2020-09-24@11:07:41 GMT
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    Indo-Pacific humpback dolphins, also know as white dolphins or pink dolphins, have returned to parts of the Pearl River Delta in Hong Kong — and their resurgence is being attributed to the coronavirus pandemic. Researchers say the number of these dolphins off Hong Kong has jumped 30% because of a pause in ferry traffic in recent months.  The dolphins moved back into parts of the river they once avoided due to the ferries that would carry passengers from Hong Kong and Macau, marine scientist Lindsay Porter of the University of St. Andrews said, according to Reuters.  Ferry traffic was suspended in March, which also allowed scientists an opportunity to study how underwater noise affected their behavior, Porter said. The population...
    The Sturgis Motorcycle Rally in South Dakota was a “superspreading event” that may be linked to almost 20 percent of new coronavirus cases across the country last month, according to a new study. The paper, by researchers from San Diego State University’s Center for Health Economics & Policy Studies and the IZA Institute of Labor Economics, tracked cellphone data at the gathering attended by more than 460,000 mostly-maskless motorcycle enthusiasts amid the COVID-19 pandemic. At one point, 90s pop-rock band Smash Mouth played a concert to thousands of attendees, with the frontman saying, “F–k that COVID shit!” Researchers said that the event not only led to rising infections in the surrounding region, but also in the places across the nation...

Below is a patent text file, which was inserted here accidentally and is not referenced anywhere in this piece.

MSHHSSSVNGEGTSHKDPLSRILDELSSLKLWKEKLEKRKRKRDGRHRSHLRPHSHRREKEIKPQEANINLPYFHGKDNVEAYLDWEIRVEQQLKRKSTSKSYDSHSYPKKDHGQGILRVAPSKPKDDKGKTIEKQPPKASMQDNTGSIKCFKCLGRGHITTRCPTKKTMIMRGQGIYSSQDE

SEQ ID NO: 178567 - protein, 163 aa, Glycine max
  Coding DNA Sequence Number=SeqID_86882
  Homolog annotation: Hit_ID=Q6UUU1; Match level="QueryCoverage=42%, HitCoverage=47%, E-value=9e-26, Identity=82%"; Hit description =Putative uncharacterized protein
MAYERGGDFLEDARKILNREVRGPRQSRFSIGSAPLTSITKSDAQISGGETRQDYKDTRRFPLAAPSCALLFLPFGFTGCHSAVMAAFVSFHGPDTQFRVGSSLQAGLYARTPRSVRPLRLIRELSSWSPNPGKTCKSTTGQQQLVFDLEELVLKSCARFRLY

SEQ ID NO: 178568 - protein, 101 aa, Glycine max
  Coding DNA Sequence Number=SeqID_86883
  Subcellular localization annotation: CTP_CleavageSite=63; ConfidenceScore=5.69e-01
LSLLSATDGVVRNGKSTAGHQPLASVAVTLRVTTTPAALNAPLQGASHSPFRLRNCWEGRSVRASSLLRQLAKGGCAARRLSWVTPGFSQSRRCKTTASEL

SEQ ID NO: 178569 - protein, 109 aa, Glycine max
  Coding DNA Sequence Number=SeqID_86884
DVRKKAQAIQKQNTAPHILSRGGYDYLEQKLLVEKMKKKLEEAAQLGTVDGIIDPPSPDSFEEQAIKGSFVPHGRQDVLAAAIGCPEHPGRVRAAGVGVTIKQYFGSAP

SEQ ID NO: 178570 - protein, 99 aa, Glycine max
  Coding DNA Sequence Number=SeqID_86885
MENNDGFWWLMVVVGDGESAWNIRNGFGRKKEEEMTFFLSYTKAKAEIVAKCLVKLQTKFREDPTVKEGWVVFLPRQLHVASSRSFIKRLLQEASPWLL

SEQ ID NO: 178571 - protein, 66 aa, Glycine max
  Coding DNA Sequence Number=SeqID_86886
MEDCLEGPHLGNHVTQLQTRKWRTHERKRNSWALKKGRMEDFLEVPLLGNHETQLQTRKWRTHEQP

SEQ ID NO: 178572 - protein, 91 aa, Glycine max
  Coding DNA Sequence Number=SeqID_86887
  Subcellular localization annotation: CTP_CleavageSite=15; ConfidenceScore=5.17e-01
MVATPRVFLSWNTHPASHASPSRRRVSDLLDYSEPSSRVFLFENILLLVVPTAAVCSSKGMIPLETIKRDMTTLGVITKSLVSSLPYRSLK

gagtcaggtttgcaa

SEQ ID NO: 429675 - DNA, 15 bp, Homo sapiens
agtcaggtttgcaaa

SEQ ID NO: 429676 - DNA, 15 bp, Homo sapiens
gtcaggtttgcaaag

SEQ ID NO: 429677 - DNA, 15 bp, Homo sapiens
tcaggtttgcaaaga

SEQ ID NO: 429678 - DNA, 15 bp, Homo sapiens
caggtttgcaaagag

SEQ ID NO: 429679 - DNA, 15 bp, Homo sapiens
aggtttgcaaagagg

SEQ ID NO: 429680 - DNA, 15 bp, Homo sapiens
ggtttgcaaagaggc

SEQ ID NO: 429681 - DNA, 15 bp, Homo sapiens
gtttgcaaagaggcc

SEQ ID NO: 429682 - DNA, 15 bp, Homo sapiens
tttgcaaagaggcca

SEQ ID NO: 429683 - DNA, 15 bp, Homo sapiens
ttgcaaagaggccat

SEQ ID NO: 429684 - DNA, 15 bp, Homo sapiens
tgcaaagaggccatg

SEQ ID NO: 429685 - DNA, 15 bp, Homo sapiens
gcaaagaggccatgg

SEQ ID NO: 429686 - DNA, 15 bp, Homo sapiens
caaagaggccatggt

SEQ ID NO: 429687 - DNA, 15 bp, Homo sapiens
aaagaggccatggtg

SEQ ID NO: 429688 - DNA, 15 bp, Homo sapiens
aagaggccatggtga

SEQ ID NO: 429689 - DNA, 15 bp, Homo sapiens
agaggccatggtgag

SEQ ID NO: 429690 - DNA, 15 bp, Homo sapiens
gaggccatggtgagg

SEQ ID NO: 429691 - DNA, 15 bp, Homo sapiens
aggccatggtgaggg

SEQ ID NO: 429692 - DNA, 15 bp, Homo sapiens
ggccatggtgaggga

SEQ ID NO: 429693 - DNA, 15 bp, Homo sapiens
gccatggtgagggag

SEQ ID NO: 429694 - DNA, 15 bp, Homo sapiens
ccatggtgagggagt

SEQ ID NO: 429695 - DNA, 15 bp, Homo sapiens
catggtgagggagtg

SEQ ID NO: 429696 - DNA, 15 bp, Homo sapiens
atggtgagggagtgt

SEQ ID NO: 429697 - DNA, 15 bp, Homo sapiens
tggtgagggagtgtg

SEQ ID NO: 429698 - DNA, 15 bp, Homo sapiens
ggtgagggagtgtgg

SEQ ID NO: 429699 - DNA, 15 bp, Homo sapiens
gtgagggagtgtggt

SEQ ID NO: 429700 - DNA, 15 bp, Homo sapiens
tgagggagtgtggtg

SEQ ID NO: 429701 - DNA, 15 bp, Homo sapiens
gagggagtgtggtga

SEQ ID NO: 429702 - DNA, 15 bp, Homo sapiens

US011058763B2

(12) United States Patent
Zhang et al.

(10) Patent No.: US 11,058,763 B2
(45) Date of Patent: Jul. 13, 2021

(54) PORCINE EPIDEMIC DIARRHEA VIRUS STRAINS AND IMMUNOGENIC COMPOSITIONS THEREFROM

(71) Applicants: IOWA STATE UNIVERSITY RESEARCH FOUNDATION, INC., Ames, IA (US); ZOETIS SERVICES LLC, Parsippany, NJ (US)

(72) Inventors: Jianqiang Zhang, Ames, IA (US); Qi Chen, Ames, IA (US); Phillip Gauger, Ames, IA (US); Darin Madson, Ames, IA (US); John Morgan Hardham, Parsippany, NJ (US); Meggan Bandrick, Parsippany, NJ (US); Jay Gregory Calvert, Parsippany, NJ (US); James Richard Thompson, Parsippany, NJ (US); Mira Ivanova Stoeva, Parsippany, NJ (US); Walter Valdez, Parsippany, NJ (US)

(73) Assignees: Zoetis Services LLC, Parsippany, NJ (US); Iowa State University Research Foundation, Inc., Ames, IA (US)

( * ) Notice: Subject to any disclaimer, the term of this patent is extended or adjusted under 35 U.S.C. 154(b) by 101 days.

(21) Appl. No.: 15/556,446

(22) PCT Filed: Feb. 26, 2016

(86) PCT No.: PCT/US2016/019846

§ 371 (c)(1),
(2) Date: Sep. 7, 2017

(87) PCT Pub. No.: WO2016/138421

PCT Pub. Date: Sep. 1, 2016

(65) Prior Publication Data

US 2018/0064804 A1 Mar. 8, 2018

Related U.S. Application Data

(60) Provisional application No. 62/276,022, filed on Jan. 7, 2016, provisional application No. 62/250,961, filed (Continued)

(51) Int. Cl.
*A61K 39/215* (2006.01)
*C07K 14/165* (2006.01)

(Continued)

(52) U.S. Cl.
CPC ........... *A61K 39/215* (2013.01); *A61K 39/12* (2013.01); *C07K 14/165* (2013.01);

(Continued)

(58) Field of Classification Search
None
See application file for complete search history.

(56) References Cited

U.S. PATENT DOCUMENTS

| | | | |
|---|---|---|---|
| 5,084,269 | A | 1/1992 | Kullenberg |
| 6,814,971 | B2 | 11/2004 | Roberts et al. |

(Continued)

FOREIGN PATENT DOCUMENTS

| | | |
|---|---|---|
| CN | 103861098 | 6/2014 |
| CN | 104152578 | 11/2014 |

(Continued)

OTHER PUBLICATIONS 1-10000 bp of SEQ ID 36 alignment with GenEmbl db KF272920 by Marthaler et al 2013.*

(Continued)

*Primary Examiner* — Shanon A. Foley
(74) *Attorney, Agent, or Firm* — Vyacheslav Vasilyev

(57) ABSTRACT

The Burmese Roof Turtle (Batagur trivittata) is, without a doubt, the most smiling reptile on the planet but its state of conservation was critically endangered. In fact, it was believed to be extinct until 2002 when it was rediscovered but thankfully conservation efforts have successfully increased the turtle population in 2020 to 1,000 captive animals; some of them have been released into the wild. After a large conservation project in Myanmar, which means that the species is a little further from total extinction. The Wildlife Conservation Society (WCS) and the Turtle Survival Alliance have published a series of photos with this new population of turtles, which is also collected by Zootaxa magazine.